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Why alcoholic brands are owning the experiential marketing game

By Joss Davidge

Shifting consumer habits. Premium price justification. Even, at times, negative public perception. Operating within an increasingly self-legislated channel, alcoholic brands face some daunting marketing challenges these days.

It’s hardly surprising, then, that many have made the wise decision to invest in the execution of highly spirited experiential marketing campaigns in recent years.

With no other channel allowing for the same level of direct engagement or face-to-face encounters, experiential enables alcoholic brands to create experiences that leave a positive, lasting impression.

With many of the biggest names in the sector now pushing the experiential envelope, how are alcoholic brands using this channel to their advantage? And why are they able to do it so effectively? Let's take a look...

1. They’re leveraging global sponsorships and partnerships

The level of brand exposure available through the right event sponsorships or brand partnerships can be huge. There are many alcoholic brands that truly get this, and reach a huge audience as a result.

Take Heineken, for instance. The brand recently leveraged its Champions League football sponsorship to great effect with a powerful sponsored ‘prankvertising’ campaign that allowed the beer brand to tap into an engaged audience of die-hard football fans that was relevant to their brand.

Similarly, beer brand Tui, as the sponsor of New Zealand Cricket, used a fun experiential stunt to get people excited about the sport. The activation offered spectators the chance to win big money for a one-handed catch. The brand’s novel approach made sure Tui was synonymous with the country’s favourite summer pastime, capturing the imagination of fans and even leading to a 54% increase in game attendance after the first catch!

2. They're targeting an experience-hungry key demographic

Brand marketing campaigns have always to looked to tap into the desires of their target audiences by simply associating their products with living a sweeter life. 

But this is changing, and millennials are leading the way.

Economics professor Andrew Oswald claims that “it’s now experiences that people are short on, not items.” Oswald confirms that's effective marketing is no longer just about tying your brand to an idea  - brands needs to offer their audience a truly memorable experience. 

These are the things that money can’t buy; memorable – and highly shareable – moments are now the currency with which brands must trade, especially with savvy millennials.midori-1.jpg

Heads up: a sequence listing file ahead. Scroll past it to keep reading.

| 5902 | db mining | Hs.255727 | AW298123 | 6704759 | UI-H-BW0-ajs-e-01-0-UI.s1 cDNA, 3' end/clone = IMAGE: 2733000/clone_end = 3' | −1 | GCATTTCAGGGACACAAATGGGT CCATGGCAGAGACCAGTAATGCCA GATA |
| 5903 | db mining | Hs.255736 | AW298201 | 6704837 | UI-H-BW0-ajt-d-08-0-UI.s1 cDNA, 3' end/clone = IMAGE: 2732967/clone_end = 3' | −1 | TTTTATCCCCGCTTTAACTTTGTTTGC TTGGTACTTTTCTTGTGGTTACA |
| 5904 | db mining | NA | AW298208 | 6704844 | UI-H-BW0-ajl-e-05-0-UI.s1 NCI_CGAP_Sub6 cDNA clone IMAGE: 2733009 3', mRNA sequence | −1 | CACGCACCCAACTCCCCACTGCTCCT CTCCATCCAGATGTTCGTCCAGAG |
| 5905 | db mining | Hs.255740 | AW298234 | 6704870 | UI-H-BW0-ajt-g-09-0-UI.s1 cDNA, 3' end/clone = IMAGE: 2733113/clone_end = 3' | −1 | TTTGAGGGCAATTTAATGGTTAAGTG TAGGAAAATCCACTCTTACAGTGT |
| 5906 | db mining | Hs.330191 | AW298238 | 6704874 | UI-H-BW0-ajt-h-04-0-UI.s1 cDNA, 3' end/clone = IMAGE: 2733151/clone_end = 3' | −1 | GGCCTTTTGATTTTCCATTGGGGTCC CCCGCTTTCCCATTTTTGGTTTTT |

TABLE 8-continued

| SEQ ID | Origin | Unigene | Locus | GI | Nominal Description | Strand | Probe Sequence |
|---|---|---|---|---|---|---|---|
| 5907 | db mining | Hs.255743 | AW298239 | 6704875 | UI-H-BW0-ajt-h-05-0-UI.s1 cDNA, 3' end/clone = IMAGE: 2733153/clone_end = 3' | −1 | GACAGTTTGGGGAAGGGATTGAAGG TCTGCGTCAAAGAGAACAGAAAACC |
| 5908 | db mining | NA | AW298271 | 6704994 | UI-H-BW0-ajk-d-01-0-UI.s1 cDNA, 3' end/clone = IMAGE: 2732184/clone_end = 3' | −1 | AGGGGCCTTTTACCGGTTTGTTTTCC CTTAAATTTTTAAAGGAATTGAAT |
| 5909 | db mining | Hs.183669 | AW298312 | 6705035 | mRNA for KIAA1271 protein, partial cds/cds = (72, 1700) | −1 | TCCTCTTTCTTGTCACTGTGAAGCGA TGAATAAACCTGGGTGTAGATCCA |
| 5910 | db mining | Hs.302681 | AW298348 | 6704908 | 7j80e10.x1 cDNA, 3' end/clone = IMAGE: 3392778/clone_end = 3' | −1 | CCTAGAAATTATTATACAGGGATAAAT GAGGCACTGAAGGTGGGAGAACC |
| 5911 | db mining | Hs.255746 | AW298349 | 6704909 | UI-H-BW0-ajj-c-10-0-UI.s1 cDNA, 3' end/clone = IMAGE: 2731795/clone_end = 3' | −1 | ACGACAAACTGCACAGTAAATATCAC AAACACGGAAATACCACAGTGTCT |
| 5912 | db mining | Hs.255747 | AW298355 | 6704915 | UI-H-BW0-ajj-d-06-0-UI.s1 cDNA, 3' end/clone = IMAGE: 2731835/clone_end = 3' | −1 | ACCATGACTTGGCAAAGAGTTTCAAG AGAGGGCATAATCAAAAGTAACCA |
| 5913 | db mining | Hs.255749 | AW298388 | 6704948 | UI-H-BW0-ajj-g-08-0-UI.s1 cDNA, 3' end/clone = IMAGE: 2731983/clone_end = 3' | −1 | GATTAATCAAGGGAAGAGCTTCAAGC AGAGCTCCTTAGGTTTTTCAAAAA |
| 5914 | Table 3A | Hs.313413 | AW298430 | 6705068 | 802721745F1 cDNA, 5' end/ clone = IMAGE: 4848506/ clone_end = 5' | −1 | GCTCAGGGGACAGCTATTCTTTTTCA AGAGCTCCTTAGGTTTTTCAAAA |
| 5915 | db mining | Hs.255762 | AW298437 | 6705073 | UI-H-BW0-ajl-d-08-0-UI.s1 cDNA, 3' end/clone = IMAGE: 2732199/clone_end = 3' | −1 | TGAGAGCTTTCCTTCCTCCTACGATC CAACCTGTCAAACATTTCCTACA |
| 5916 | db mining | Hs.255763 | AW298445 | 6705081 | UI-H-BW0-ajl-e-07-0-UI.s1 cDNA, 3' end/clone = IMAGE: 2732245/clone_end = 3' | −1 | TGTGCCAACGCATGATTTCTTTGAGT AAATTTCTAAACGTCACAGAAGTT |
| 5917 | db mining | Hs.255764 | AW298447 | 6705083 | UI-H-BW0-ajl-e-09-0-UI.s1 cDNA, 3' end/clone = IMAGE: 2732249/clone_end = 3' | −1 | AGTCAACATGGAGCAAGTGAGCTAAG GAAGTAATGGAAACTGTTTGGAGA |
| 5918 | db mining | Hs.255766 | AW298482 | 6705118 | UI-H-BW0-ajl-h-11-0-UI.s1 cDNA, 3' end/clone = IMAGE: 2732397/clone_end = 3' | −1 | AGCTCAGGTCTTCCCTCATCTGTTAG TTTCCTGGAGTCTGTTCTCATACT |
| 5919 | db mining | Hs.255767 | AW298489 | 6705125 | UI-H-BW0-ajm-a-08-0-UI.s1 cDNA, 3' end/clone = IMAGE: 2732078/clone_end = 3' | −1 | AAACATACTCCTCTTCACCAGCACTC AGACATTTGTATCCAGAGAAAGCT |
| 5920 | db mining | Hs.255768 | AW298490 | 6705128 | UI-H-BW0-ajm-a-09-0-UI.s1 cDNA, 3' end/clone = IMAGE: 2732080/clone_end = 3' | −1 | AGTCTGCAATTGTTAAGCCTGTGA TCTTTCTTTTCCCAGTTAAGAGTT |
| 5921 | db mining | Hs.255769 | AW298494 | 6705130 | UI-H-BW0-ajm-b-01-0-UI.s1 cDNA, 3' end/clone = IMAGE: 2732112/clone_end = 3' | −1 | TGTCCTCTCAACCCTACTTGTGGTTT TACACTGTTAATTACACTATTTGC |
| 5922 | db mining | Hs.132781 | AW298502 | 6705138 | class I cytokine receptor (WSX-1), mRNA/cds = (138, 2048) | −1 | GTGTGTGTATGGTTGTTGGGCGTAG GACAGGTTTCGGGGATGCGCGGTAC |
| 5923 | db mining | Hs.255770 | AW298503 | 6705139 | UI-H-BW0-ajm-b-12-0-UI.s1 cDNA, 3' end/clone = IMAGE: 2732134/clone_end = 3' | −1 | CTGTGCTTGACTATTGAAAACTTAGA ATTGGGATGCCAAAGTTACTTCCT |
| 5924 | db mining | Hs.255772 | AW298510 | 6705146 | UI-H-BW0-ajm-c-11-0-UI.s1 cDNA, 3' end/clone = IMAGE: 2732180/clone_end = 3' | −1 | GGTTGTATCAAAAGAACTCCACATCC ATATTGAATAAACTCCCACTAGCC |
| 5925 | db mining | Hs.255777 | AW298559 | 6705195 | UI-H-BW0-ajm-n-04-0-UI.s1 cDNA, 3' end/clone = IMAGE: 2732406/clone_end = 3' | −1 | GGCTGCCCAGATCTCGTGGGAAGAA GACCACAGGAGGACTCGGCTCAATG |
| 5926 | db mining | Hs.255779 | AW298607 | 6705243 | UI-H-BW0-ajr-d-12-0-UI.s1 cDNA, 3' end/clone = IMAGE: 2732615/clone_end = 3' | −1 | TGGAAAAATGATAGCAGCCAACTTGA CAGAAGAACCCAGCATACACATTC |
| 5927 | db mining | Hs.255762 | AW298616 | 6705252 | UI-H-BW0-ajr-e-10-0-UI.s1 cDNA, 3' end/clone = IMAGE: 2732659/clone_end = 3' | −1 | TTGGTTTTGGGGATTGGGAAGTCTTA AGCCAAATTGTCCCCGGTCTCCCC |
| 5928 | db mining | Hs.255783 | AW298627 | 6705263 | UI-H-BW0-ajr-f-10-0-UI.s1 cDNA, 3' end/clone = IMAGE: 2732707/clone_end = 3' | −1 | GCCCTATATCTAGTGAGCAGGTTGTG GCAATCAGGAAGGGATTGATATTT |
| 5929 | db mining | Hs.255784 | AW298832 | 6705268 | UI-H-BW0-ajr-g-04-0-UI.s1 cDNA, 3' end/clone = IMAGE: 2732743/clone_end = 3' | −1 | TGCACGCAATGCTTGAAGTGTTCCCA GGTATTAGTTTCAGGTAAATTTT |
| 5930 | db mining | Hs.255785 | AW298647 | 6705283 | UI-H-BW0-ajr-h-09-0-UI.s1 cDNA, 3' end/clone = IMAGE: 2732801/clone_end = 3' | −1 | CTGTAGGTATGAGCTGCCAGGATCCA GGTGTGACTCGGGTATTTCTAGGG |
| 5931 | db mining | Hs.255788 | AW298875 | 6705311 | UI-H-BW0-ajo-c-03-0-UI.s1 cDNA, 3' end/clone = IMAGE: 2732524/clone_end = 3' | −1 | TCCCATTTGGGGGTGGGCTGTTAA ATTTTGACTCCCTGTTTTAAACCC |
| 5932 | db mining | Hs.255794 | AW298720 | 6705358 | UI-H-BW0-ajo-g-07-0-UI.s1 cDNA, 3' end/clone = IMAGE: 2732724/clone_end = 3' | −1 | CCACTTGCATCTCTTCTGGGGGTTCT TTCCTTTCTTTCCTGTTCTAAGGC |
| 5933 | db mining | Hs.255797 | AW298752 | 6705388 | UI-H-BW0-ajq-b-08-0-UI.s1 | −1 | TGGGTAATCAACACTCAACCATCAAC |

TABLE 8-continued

Liquer brand Midori’s creative experiential approach did just that with a quirky, unusual and sensory-engaging experience that had an curious, experience-hungry millennial audience firmly at its heart.

3. They're using product sampling to tackle key challenges

Becoming ever more stringent, responsible drinking guidelines mean that brands must be highly targeted and intentional in their marketing approach. Experiential marketing allows for just that, through the all-important face-to-face element that’s at the heart of successful product sampling.

When Heineken wanted to encourage 18-24 year olds to choose its brands over other beers and ciders, a series of thirst-quenching taste tours achieved just that. This proven approach allowed experienced brand ambassadors to age-check everyone receiving the brand’s message to ensure it was appropriate for their ears.Heineken1.jpg

A thorough venue selection process also means brand teams can place themselves within carefully-researched, age-compliant venues and events to reach exactly the right audience at the right time.

4. They're tapping into life’s most emotive moments

There are many reasons why alcoholic brands are in a very strong experiential position. But the biggest? Its products are highly relevant to happy and emotive times for many consumers.

Savouring a fine whisky with your friends. Celebrating a big birthday. Making the most of a long weekend. Cheering on your favourite team at a big sporting event. Spending time laughing with loved ones in the sunshine. There are so many moments and personal milestones where alcohol plays a part, and experiential marketing can tap into these feelings to powerful effect.superbock.jpg

Super Bock’s modified foosball machine is a great example of this, with the Portugese beer brand building on an all-time favourite bar activity to create a clever experience that associated their brand with a fun, classic game for friends to enjoy together.

Live brand experiences provide opportunities to build positive emotional bridges between brands and consumers; the chance to taste, feel and connect with products in a hugely personal way.

And for alcoholic brands, this one-on-one contact is everything. It’s the chance to leave behind a refreshing and satisfying memory, with no bitter aftertaste.

Drink it in…

Making experiential marketing work for your brand takes careful planning and impeccable execution. Take a look at these 7 essentials for getting experiential right for our top tips.

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